This is a guest post by Colette Cassidy, Director of Irish tax consultancy firm All Finance Tax.
It takes an extraordinary amount of hard work to set up a business. It takes a greater deal of hard work to make the business a success.
It takes a greater deal of effort still to turn the business into a globally successful one.
When companies such as Tesco and Starbucks find it an uphill battle to achieve worldwide success, that speaks volumes for how fiendishly tough it is to have a globally successful brand.
Hard work alone is not enough to make it big on a worldwide scale. The key ingredient is often understanding how overseas buyer cultures work and being able to adapt your product or service (and indeed your overall business) accordingly.
What are the key mistakes to avoid in going global?
Lack of research.
This is often the one that scuppers dreams of global business domination. Every international market has its own unique characteristics.
For instance, your domestic market might have a culture of impulsive buying, but a foreign one could be far more conservative.
Failing to adapt.
This is another common error in international expansion.
What works in Ireland or the UK, for example, is by no means guaranteed to work in the USA or Japan. A level of adaptation to other cultures is essential.
You know that going global will cost big bucks, but a lot of businesses still don’t budget sufficiently to meet the investment that international expansion demands.
Expecting a quick return.
The costs involved in going global are so steep that you would be utterly foolish to think you’ll make the money back quickly.
International expansion is a long-term game.
Casting the net too wide.
Some businesses decide to expand internationally and try to crack numerous markets straight away, when they would be much better off focusing on one or two. Expansion can be incremental.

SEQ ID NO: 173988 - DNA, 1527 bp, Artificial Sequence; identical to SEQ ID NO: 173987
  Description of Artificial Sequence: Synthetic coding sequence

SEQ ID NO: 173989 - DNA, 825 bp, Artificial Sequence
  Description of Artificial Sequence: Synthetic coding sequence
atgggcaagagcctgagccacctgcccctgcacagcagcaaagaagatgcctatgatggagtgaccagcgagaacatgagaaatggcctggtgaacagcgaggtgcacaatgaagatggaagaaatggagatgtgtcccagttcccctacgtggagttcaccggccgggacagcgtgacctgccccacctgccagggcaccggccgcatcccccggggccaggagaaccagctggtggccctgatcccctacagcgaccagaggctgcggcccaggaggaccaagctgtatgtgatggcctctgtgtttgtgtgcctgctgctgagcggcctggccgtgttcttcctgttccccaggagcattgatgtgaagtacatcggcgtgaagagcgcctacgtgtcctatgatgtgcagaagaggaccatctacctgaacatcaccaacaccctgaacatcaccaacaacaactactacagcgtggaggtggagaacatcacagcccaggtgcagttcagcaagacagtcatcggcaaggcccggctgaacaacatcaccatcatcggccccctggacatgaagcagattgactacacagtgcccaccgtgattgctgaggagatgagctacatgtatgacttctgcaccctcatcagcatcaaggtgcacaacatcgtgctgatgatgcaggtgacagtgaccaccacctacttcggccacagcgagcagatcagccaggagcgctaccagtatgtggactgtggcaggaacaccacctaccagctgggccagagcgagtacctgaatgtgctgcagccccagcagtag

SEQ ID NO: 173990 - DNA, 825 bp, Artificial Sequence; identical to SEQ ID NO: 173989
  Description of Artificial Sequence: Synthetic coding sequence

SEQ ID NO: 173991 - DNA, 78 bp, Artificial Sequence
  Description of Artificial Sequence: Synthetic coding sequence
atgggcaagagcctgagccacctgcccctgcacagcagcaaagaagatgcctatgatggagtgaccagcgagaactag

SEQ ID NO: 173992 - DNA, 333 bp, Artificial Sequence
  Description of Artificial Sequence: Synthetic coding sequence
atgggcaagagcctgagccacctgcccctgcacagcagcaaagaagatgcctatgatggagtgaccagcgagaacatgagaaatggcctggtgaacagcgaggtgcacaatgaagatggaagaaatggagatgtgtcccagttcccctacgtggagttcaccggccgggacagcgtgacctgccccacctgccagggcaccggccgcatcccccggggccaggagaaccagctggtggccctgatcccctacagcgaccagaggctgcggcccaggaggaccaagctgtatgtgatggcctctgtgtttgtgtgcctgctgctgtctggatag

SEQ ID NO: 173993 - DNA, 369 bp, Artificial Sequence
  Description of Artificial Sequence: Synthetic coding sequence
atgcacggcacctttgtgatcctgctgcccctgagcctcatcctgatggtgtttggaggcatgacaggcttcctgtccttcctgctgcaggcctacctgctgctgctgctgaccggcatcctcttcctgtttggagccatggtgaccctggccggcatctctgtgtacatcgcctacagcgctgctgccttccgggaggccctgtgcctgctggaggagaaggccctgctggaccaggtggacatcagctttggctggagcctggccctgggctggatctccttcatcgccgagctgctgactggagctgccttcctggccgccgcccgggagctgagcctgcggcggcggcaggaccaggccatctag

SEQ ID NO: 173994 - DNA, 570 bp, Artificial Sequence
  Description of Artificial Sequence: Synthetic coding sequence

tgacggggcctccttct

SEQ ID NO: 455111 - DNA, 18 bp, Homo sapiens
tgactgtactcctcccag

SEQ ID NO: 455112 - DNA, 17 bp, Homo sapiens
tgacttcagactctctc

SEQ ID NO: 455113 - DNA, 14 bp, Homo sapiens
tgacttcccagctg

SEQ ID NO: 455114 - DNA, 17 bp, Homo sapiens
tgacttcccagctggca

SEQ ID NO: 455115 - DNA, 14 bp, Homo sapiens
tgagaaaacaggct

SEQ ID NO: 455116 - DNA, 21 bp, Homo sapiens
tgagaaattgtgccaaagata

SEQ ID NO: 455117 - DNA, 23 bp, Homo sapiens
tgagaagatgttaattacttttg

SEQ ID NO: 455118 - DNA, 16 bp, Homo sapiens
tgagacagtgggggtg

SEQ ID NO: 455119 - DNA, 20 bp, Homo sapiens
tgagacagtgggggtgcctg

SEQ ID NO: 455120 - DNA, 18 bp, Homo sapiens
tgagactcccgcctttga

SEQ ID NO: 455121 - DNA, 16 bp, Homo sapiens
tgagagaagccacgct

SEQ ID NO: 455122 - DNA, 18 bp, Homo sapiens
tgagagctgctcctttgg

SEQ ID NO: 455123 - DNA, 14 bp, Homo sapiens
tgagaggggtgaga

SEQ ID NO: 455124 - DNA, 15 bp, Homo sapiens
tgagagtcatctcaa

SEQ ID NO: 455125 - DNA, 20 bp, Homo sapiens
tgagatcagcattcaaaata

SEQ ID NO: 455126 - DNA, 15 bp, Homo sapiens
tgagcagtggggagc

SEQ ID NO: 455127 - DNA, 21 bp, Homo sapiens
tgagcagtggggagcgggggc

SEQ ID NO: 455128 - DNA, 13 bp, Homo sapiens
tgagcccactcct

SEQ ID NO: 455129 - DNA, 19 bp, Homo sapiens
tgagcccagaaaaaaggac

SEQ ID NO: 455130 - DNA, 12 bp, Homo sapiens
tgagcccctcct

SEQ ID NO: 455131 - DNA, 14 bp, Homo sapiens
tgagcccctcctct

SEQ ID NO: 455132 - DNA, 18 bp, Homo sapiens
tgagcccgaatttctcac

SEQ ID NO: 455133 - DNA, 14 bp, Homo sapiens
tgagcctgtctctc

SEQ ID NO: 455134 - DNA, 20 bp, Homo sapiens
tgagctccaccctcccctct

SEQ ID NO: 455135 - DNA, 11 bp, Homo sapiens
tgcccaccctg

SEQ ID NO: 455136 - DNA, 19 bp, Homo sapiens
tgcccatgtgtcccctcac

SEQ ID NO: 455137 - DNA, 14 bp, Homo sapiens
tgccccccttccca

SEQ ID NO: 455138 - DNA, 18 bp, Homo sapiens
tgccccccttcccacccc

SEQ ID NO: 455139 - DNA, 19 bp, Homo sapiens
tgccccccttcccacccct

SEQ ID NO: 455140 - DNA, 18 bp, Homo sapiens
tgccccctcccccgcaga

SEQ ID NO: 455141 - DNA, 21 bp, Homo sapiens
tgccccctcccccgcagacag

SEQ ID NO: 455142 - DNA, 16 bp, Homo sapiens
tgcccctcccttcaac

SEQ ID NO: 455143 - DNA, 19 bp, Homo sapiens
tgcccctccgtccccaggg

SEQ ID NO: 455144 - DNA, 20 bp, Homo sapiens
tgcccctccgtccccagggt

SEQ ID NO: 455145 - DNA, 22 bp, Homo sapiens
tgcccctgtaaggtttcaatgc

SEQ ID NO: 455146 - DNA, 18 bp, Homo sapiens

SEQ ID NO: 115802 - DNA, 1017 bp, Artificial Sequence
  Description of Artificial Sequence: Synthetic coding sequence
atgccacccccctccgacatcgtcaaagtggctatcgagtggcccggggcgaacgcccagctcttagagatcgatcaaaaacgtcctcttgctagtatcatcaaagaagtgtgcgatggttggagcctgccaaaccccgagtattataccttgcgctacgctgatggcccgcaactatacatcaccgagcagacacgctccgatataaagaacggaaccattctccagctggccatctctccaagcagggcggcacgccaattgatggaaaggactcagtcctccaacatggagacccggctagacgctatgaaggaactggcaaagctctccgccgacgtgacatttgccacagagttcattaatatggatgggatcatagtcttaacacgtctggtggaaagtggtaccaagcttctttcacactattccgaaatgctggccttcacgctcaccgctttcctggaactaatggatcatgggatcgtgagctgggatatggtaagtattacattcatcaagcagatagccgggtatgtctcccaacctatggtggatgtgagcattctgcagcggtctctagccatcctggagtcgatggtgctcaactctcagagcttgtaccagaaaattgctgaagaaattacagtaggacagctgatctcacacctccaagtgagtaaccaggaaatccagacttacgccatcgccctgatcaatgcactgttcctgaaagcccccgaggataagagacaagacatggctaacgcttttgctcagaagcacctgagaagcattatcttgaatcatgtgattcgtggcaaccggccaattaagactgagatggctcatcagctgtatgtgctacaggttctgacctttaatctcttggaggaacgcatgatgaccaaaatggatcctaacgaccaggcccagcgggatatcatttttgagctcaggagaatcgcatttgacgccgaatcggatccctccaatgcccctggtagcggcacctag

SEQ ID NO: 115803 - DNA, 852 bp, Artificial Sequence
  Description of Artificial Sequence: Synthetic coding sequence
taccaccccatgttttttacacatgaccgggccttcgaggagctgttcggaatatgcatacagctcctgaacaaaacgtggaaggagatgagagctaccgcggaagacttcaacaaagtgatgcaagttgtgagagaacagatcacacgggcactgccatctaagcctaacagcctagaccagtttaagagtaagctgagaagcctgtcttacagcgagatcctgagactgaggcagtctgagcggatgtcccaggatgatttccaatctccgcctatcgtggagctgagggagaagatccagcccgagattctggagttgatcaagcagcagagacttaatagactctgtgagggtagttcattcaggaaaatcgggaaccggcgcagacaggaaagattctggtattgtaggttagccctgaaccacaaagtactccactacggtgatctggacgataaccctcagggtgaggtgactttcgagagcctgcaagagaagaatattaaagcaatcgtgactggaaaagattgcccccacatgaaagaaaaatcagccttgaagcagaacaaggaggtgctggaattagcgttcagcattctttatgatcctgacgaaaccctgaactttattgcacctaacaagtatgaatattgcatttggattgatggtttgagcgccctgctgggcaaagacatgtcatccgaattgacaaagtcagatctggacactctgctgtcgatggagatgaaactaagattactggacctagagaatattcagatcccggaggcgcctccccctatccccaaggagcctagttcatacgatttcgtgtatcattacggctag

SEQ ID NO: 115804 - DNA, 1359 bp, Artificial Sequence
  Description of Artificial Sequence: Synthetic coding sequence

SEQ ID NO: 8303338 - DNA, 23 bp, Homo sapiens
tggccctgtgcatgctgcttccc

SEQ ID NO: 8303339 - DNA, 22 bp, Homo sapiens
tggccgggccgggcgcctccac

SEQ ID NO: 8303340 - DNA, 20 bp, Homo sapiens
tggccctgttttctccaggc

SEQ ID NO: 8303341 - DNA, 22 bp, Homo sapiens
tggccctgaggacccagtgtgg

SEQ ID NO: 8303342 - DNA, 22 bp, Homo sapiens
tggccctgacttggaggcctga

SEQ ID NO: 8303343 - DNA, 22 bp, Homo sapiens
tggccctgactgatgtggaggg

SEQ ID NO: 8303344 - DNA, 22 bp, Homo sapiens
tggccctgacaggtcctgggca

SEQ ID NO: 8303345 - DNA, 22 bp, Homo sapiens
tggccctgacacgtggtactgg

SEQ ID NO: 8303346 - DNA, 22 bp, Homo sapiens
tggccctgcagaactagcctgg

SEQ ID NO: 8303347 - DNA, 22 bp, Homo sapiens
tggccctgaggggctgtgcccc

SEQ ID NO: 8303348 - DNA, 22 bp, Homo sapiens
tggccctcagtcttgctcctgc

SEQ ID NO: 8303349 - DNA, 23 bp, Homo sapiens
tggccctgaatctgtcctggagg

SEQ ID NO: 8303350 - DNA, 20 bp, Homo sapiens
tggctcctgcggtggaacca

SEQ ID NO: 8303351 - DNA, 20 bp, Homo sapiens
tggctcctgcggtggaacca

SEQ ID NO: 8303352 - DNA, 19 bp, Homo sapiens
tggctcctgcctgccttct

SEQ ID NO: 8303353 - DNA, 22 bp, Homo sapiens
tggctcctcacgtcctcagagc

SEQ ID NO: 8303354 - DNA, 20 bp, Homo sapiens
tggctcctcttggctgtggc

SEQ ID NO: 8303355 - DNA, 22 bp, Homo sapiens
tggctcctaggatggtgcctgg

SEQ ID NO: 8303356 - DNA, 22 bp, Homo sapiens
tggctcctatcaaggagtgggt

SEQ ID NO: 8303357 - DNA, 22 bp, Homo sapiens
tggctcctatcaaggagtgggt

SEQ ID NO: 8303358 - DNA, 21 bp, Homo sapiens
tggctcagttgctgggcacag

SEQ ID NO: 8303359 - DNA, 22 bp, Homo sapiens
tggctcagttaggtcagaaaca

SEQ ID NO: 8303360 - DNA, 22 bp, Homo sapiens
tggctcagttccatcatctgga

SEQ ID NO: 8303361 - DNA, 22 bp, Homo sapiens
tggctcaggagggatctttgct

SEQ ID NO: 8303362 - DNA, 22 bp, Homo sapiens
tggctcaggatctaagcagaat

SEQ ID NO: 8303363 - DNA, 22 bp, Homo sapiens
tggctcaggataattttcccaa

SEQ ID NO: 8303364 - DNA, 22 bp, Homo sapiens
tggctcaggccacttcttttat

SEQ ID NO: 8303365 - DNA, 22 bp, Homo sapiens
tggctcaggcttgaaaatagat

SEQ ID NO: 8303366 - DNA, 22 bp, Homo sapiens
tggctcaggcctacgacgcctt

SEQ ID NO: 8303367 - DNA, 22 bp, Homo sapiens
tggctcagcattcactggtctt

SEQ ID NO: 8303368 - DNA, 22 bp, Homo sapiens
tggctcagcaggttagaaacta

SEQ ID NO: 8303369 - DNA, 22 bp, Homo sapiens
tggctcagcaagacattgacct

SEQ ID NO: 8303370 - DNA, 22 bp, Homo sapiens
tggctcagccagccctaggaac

What are the benefits of going global?
This all makes it seem as if international expansion is a disaster waiting to happen, but if you develop a sensible strategic plan, you could be on to a winner.
You could settle for being top dog domestically, but then are you really progressing?
If there’s a genuine chance that the business will succeed internationally, go for it if you want the company to grow.
Reduced domestic dependence.
Just because you are number one at home now doesn’t mean you will be forever. A seasonal lull in the domestic market could be tough to endure, so why not try to pounce on concurrently strong periods elsewhere?
A globally recognized and respected brand is worth millions. Think of how McDonalds and Google are world-renowned names.
If you play your cards right, you too could have a brand that enjoys a positive image all around the world.
Shooting for the stars.
If the chance to challenge the world’s biggest brands doesn’t excite you as an entrepreneur, you shouldn’t be in business.
Every entrepreneur should relish the opportunity to take on the big boys at their own game, because it’s an opportunity that only comes along for a very select few.
Depending on what your business does and how it would translate to foreign markets, international expansion may or may not be for you. The least you should do is fully analyze the likelihood of succeeding globally. After all, you’ve achieved a lot in setting up the business and bossing the domestic market, so think of it as another rung on the ladder.
Here’s an infographic, courtesy of All Finance Tax, sharing all that, together with the steps to going global, what to do during an international meeting, hiring a distributor, and more.